Wednesday, July 12, 2006

Milk Maiden

(11th July)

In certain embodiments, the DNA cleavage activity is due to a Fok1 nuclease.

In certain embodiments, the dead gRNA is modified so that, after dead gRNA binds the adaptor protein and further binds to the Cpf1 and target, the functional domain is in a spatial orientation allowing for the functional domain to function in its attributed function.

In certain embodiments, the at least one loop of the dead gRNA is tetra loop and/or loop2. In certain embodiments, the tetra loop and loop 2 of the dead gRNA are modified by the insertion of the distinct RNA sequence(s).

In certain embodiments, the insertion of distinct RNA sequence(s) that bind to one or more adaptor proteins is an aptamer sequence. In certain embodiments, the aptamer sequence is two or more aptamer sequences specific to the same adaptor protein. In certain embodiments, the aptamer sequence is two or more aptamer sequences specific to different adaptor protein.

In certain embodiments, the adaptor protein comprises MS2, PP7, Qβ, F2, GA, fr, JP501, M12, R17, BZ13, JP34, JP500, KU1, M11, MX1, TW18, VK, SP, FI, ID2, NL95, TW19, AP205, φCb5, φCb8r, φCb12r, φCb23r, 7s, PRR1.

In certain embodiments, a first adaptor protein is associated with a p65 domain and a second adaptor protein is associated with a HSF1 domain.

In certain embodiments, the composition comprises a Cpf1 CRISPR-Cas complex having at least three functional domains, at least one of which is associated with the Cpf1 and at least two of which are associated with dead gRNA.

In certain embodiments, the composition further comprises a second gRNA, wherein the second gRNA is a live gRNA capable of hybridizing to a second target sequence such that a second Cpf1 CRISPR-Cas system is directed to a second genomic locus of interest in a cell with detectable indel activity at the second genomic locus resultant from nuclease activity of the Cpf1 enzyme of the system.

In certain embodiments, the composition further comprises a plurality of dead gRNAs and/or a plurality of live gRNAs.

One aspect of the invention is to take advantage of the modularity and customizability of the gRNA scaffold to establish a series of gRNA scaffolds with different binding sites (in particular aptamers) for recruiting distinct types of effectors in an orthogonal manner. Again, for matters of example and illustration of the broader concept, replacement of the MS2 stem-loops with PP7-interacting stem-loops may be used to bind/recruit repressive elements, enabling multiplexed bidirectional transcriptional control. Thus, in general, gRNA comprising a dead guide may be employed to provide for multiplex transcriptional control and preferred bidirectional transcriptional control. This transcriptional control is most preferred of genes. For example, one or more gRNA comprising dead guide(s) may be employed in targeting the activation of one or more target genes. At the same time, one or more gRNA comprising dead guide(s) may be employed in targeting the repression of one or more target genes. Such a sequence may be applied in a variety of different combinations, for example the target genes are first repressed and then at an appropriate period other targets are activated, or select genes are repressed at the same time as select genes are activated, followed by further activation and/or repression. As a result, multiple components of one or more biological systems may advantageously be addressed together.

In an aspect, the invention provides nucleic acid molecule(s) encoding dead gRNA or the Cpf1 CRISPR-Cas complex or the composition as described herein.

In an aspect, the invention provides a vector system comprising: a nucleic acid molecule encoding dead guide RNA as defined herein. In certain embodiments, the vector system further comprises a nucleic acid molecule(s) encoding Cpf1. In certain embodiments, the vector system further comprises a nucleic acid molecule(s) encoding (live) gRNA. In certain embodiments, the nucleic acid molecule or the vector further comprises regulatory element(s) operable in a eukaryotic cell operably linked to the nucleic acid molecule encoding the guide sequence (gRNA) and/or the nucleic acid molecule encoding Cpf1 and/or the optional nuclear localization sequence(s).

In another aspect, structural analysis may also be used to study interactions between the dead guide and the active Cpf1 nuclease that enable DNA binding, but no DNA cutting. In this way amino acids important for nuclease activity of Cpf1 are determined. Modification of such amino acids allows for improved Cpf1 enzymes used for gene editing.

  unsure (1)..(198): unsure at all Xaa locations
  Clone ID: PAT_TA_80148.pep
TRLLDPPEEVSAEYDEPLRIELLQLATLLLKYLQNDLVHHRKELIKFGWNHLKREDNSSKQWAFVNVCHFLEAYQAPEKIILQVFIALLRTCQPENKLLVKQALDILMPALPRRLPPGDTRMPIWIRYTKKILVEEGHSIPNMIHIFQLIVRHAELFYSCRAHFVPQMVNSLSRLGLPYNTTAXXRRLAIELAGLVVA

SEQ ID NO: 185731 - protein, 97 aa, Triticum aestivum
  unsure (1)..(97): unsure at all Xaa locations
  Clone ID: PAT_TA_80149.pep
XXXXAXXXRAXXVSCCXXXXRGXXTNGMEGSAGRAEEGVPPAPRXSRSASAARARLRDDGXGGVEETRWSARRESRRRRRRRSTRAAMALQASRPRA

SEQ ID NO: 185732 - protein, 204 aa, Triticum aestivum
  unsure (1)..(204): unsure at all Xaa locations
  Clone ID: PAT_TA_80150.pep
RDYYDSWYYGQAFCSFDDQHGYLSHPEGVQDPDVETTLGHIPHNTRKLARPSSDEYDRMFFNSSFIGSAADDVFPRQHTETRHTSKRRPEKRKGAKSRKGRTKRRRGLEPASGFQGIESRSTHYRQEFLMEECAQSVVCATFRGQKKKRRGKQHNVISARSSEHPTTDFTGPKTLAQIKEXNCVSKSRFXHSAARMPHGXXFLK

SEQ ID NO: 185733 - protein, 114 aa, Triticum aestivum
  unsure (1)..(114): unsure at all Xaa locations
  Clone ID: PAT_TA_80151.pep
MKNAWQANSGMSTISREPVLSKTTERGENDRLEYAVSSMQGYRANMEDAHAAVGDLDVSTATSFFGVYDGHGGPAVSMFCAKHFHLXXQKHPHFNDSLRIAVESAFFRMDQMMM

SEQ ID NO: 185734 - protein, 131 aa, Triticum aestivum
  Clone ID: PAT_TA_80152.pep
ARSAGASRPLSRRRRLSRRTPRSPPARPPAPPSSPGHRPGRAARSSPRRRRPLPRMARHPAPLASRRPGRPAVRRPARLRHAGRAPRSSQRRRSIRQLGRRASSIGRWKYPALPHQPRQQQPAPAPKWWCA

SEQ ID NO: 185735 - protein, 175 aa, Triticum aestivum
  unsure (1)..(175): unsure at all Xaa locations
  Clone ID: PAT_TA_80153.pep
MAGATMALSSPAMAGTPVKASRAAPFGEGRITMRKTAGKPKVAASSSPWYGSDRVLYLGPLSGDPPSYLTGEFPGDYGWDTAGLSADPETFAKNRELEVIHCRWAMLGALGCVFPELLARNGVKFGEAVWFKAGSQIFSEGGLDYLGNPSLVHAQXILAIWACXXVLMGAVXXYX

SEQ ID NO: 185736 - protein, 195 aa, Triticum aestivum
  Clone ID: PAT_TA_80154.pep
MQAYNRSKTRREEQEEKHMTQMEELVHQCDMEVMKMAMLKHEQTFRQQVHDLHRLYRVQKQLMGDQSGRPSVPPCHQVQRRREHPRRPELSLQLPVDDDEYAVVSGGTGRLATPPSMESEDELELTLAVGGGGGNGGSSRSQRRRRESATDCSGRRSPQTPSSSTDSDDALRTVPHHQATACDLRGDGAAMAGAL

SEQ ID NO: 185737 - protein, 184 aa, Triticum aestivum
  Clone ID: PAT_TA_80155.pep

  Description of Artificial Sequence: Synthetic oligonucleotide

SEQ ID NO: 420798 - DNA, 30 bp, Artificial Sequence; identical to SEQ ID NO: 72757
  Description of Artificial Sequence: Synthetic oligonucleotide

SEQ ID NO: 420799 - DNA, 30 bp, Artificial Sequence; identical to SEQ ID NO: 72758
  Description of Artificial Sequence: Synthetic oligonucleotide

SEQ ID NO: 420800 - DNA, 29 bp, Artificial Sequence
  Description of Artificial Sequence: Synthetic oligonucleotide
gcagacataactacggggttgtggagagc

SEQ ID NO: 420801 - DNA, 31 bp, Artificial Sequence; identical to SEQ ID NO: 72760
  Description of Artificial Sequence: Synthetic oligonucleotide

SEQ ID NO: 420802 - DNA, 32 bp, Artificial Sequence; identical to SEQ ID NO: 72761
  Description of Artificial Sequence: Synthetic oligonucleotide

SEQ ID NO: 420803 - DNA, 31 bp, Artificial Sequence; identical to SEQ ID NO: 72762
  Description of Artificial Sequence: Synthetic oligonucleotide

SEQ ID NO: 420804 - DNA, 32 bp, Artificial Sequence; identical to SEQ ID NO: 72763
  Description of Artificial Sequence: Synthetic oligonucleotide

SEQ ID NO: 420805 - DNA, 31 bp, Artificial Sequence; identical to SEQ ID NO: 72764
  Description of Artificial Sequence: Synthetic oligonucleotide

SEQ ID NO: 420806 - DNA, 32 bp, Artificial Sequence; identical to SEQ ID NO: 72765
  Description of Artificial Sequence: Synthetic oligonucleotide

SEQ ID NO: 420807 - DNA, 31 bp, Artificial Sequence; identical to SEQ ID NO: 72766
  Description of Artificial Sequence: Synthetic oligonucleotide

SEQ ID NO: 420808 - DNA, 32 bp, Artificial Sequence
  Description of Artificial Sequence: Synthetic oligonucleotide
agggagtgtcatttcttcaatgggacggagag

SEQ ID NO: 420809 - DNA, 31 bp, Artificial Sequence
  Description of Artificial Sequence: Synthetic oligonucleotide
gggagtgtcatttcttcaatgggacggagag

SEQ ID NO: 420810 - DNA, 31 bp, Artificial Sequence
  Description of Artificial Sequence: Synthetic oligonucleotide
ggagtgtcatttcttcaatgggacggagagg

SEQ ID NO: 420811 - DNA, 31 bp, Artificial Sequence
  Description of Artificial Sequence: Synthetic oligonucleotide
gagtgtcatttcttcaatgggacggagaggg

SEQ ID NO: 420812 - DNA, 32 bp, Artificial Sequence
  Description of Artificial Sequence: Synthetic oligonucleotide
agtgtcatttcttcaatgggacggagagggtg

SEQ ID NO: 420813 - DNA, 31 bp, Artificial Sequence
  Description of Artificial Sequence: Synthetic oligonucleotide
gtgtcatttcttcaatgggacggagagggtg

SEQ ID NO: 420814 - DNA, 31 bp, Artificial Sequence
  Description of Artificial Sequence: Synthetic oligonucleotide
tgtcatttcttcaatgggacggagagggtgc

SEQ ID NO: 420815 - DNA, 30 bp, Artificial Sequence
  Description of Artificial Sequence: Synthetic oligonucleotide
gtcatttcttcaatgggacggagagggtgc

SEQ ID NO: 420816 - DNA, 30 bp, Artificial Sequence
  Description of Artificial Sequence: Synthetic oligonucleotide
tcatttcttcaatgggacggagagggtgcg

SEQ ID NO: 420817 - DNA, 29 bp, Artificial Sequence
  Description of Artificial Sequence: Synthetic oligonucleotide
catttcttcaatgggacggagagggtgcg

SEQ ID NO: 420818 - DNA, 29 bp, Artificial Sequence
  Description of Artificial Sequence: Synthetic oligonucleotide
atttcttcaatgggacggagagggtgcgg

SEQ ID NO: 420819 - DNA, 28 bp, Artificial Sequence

I woke up late and coming down with a cold, and pumped after my morning meditation. Deep down I can sense my breasts begin to stir, to talk incoherently in their dreams and wonder sleepily what time it is. In the afternoon I pumped again. This time when I removed the pump from my left breast there was the tiniest half-drop of white fluid coming from my nipple. Somewhat excited, I rang my supervisor to tell her, and sent the Boy a rather blurry picture taken on my mobile phone camera. He asked what it tasted like, and though it was too small an amount to really swill around my mouth I tell him I think that it was sort of sweet? Not sure if this impression came from experience, expectation, or both, but it seemed right somehow. (Anyway, I told him, if you play your cards right you’ll get to try it for yourself.) Down at the ocean, I watched a big yellow full moon rise and sparkle across the water and felt that delcious sense of knowing just what you have when you have it. At the next pumping, quite possibly my last for the day, I noticed my left nipple exuding a small amount of clear fluid. True, this is not lactation as such yet, and it may well be all the liquid I squeeze out for quite a while. All the same, these are encouraging developments! Think this week I will buy some cream for my nipples, already looking slightly traumatised, and perhaps some nursing tea. The current plan is to pump as much as possible for the next fortnight and reassess my progress. Maybe I will try motillium if nothing new is happening. And I need to find somewhere to pump at Uni. I’m not overly concerned about being seen from a privacy perspective as such, although sometimes one does just want to get on with doing what one needs to do without becoming a public education campaign EVERY time. And I can see this happening if I should pump, well-meaning women making small talk about children and me feeling obliged to explain the whole story and… sometimes this is okay, even fun, but not once or twice every day I am at work. The unit needs a power supply too, and is not exactly quiet, so my shared office space is not very appropriate. The women’s room might be an option, but is very easy to see into from the hallway. Perhaps I could hide in the corner? Oh dear, this is all beginning to sound like so many accounts told by breastfeeding mothers— possibly I should invest in a large shawl for me and my pump?


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